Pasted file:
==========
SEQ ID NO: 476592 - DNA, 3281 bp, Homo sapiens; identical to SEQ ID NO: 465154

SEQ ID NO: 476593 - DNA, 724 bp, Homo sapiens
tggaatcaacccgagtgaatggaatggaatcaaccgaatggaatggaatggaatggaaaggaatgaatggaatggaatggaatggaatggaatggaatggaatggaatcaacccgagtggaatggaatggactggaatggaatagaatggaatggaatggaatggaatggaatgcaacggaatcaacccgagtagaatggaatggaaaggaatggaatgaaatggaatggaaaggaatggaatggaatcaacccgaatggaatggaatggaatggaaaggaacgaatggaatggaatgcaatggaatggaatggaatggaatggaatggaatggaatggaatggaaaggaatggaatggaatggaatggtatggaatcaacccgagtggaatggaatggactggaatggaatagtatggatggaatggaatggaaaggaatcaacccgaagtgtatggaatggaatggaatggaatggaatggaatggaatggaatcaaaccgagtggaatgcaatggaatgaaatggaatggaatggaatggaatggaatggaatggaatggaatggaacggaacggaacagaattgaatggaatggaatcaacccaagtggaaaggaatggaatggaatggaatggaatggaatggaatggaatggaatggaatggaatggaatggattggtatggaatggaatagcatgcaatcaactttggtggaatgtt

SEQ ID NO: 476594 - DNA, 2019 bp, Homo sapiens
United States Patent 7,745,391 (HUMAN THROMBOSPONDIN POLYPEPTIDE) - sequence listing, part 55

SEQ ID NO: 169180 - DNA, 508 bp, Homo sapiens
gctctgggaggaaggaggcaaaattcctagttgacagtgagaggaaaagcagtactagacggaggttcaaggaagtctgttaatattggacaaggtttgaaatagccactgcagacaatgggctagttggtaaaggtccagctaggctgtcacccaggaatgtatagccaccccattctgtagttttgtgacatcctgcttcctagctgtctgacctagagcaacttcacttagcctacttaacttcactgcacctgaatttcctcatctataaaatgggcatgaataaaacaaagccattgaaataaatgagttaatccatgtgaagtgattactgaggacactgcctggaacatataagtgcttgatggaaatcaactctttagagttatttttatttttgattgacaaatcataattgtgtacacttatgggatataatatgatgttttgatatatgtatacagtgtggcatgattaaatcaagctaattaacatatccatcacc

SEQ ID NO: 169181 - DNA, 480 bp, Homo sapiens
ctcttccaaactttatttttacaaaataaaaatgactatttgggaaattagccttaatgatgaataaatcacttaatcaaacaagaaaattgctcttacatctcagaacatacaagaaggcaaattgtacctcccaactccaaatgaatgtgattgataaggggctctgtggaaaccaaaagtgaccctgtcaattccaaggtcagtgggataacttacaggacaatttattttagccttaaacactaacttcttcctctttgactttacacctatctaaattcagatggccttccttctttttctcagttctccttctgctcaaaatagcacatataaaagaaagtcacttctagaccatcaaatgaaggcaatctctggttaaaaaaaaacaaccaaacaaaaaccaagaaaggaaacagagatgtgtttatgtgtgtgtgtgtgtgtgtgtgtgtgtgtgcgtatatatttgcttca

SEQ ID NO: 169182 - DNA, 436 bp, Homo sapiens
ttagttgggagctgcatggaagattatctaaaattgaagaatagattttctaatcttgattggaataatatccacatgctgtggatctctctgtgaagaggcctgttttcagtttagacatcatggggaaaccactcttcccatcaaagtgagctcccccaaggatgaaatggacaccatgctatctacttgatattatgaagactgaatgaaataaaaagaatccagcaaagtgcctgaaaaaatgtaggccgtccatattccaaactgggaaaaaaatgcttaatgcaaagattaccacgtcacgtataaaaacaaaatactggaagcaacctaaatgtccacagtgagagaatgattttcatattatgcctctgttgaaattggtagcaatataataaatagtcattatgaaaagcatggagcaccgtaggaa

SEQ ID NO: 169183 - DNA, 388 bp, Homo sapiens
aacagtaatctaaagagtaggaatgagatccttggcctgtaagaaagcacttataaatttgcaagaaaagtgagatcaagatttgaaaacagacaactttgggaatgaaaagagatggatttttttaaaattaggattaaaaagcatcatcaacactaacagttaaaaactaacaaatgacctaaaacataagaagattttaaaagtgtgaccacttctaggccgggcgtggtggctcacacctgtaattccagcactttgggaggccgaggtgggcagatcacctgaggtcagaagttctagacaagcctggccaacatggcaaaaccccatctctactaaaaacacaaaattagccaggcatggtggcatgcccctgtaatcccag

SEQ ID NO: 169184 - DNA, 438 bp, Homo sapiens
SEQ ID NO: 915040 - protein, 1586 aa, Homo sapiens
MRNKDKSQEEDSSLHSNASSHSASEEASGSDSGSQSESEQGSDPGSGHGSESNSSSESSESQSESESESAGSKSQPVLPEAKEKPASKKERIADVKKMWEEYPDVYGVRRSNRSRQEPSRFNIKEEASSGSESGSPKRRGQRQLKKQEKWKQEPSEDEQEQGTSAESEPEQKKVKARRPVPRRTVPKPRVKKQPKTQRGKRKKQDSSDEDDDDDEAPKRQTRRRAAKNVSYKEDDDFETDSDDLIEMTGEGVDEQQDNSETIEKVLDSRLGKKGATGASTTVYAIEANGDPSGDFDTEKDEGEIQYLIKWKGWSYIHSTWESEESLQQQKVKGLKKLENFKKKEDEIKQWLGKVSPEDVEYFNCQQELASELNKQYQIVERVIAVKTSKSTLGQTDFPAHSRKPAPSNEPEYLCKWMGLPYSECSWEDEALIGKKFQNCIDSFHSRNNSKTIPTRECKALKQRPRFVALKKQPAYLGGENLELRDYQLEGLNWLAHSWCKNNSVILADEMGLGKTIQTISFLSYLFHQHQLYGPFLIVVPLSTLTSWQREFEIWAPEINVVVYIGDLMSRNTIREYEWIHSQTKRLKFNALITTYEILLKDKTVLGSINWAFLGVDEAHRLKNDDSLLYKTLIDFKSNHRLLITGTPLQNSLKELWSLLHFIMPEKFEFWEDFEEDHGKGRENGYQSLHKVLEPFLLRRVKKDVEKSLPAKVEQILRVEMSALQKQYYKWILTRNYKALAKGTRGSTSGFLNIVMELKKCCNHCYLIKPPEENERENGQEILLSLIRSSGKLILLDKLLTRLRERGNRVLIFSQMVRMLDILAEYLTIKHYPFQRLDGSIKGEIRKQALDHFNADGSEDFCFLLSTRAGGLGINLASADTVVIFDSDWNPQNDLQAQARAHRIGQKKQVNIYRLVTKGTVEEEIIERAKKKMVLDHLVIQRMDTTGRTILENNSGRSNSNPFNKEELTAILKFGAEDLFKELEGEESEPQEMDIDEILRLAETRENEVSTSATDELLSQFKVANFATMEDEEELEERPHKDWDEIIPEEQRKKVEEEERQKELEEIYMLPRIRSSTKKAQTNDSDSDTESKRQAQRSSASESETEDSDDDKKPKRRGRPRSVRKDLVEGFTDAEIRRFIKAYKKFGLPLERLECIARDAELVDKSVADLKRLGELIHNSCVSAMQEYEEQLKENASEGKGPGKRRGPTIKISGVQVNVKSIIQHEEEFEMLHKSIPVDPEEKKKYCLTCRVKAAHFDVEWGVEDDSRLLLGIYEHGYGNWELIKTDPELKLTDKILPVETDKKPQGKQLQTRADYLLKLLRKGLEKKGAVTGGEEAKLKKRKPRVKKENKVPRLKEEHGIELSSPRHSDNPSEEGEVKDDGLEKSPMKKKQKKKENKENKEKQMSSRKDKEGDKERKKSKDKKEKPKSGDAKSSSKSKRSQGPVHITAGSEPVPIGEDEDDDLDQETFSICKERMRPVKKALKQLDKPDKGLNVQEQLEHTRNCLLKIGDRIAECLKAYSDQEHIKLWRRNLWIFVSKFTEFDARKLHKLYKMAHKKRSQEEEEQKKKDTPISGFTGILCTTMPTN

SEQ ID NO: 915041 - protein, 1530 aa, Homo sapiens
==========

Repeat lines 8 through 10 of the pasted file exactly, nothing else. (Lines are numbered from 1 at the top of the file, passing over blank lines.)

SEQ ID NO: 169181 - DNA, 480 bp, Homo sapiens
ctcttccaaactttatttttacaaaataaaaatgactatttgggaaattagccttaatgatgaataaatcacttaatcaaacaagaaaattgctcttacatctcagaacatacaagaaggcaaattgtacctcccaactccaaatgaatgtgattgataaggggctctgtggaaaccaaaagtgaccctgtcaattccaaggtcagtgggataacttacaggacaatttattttagccttaaacactaacttcttcctctttgactttacacctatctaaattcagatggccttccttctttttctcagttctccttctgctcaaaatagcacatataaaagaaagtcacttctagaccatcaaatgaaggcaatctctggttaaaaaaaaacaaccaaacaaaaaccaagaaaggaaacagagatgtgtttatgtgtgtgtgtgtgtgtgtgtgtgtgtgtgcgtatatatttgcttca

SEQ ID NO: 169182 - DNA, 436 bp, Homo sapiens